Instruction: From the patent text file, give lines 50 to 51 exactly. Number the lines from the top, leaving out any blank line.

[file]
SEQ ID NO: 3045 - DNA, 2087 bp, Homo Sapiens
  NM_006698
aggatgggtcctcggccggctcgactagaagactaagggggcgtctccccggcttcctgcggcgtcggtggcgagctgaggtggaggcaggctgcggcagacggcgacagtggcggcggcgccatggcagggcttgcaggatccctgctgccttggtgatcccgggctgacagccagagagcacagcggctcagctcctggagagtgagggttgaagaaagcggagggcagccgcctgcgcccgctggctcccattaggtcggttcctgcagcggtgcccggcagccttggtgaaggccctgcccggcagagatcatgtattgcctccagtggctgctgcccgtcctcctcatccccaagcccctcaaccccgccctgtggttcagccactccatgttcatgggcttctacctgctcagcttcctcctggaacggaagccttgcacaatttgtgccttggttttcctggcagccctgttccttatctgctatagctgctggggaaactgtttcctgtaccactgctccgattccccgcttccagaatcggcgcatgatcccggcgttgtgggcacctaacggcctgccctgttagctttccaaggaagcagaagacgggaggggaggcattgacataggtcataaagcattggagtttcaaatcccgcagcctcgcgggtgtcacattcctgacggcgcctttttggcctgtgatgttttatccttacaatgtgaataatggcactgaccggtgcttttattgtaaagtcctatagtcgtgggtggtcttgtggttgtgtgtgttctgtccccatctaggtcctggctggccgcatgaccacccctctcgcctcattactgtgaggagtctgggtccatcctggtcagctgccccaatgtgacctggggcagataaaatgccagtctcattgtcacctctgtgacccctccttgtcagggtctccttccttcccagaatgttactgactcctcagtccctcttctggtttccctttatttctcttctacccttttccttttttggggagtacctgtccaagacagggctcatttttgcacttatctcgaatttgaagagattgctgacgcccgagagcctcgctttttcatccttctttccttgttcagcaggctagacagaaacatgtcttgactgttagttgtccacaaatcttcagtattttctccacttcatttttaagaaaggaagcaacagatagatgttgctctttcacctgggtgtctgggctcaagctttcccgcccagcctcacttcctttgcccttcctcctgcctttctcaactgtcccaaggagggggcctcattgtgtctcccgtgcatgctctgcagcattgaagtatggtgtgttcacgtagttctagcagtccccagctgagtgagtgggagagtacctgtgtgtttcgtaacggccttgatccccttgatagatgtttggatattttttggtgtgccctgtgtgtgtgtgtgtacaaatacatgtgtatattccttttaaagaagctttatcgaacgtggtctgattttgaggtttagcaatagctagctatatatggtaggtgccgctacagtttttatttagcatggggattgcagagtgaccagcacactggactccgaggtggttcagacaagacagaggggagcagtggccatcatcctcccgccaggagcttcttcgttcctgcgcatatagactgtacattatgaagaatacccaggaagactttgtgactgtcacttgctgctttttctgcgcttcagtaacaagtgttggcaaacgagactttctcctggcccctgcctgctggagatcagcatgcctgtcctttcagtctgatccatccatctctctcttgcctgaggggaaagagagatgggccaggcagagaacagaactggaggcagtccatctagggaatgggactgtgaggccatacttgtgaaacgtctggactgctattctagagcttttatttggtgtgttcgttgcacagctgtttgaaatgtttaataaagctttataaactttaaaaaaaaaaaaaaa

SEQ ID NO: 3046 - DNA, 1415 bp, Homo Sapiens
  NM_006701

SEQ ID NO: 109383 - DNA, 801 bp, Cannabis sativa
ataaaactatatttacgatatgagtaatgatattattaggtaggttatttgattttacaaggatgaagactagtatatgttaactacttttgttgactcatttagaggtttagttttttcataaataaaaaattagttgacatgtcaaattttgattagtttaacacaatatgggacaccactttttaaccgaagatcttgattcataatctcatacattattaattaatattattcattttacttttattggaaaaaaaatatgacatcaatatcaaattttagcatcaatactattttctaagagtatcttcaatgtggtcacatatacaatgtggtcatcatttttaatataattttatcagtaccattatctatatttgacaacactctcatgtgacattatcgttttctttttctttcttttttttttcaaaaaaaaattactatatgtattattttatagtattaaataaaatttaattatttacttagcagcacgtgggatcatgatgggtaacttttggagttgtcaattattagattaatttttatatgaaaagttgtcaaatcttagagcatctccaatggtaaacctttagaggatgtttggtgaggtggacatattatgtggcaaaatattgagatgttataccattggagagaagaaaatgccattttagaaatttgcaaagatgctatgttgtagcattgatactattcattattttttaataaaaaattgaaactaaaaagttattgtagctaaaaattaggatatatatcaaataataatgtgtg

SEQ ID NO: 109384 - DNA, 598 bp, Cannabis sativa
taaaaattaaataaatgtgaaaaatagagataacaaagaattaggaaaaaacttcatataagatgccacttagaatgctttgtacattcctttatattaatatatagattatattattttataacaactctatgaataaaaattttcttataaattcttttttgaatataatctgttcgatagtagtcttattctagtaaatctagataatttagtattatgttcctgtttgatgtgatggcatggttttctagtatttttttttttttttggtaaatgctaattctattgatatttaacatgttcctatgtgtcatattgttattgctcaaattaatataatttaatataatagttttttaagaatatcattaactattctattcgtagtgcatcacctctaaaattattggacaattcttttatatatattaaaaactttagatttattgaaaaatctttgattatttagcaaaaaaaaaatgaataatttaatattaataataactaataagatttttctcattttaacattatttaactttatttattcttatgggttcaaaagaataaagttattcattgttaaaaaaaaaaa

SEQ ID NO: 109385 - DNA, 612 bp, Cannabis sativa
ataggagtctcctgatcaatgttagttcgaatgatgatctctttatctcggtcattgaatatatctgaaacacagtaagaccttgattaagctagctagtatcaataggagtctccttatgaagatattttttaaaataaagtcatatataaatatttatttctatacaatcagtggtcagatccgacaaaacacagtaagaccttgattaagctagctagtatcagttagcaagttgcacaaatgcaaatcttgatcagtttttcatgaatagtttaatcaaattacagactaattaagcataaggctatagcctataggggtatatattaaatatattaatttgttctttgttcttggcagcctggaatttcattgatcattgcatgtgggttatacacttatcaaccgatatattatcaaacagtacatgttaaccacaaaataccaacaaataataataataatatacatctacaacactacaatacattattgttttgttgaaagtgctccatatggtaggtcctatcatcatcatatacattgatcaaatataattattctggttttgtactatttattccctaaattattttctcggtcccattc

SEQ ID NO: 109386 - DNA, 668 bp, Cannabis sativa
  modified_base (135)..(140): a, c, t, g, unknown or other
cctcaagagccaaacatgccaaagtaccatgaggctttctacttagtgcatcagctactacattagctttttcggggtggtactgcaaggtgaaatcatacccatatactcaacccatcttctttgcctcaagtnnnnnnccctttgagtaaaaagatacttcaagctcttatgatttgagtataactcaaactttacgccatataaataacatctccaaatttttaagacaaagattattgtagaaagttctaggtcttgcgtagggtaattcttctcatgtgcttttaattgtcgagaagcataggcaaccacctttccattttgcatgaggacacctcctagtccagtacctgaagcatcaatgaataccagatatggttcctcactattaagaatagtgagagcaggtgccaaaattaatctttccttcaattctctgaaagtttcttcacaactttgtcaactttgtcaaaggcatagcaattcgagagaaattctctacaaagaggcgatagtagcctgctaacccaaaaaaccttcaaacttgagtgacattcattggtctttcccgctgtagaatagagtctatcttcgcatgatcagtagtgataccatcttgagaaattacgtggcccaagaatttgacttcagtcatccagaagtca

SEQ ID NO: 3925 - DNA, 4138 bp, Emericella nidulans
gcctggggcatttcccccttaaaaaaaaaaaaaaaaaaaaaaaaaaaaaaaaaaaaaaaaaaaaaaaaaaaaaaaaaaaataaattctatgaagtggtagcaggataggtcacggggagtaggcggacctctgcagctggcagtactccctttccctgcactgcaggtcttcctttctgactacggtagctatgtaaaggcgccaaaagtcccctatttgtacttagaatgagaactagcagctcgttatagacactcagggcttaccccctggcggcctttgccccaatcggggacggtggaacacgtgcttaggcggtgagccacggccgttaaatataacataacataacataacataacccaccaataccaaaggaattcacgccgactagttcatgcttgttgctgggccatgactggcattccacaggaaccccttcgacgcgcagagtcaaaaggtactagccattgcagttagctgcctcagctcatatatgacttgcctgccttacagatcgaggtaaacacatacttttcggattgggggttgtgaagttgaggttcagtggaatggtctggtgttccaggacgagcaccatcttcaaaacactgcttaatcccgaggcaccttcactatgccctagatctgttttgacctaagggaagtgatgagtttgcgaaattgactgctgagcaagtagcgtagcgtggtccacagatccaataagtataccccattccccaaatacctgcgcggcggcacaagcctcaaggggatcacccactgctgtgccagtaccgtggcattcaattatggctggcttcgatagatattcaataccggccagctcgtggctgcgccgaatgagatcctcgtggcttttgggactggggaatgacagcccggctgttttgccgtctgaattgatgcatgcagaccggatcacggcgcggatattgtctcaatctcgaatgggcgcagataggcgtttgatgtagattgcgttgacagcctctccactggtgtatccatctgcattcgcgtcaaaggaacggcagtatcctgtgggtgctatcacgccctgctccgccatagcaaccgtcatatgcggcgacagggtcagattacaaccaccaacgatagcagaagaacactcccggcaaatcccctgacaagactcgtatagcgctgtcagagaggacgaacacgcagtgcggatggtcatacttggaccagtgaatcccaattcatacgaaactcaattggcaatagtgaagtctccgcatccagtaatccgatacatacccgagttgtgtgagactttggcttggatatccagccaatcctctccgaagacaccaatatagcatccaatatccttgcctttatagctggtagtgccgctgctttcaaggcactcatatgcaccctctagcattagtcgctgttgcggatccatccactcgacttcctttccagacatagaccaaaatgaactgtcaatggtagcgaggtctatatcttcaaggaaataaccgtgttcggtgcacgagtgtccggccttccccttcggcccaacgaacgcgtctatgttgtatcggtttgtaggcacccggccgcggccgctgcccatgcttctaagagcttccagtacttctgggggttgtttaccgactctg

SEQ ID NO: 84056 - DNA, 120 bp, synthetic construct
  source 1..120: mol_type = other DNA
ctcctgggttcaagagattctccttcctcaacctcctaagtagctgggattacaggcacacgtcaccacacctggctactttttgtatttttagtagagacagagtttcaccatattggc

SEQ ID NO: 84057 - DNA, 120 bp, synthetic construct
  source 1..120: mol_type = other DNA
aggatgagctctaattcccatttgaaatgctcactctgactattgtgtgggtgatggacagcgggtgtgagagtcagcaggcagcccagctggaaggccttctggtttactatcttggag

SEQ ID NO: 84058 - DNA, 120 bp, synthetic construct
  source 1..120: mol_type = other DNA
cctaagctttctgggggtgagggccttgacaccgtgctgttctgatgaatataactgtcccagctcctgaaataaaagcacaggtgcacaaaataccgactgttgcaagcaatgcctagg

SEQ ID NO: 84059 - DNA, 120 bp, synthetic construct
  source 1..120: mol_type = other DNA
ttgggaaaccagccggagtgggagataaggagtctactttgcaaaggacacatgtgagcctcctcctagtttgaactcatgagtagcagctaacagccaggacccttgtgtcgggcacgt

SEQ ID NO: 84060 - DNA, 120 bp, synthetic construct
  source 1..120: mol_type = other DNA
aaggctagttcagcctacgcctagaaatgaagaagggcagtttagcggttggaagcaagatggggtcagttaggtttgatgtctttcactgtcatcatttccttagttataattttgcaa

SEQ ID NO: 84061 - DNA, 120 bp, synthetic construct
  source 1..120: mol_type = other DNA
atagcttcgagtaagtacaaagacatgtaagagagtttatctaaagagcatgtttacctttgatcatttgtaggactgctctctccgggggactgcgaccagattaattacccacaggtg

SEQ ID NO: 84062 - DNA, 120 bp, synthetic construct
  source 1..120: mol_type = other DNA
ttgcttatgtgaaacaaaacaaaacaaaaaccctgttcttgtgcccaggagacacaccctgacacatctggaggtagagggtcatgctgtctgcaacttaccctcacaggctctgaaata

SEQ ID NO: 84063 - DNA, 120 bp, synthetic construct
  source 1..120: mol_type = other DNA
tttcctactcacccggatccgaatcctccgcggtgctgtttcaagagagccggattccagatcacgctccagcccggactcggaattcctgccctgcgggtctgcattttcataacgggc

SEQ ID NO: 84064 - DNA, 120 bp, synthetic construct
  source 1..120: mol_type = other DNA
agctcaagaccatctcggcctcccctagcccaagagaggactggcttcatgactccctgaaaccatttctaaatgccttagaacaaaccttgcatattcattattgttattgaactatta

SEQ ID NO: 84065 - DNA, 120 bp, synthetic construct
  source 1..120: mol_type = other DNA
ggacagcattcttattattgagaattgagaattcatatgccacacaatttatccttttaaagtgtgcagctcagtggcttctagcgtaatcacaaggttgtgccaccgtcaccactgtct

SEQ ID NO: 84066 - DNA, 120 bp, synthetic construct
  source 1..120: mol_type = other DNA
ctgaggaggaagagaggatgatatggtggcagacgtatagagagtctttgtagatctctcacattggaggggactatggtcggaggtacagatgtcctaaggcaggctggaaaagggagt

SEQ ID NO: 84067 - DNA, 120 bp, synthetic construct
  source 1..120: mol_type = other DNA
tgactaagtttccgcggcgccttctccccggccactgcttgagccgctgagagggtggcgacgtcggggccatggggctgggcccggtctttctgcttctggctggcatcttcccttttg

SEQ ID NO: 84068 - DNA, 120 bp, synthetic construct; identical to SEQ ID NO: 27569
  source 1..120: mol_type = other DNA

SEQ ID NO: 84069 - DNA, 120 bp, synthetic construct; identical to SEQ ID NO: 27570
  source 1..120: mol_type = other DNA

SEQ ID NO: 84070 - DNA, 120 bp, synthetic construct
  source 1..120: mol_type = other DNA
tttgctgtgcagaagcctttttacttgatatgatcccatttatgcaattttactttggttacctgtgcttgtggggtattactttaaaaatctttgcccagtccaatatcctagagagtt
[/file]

SEQ ID NO: 84067 - DNA, 120 bp, synthetic construct
  source 1..120: mol_type = other DNA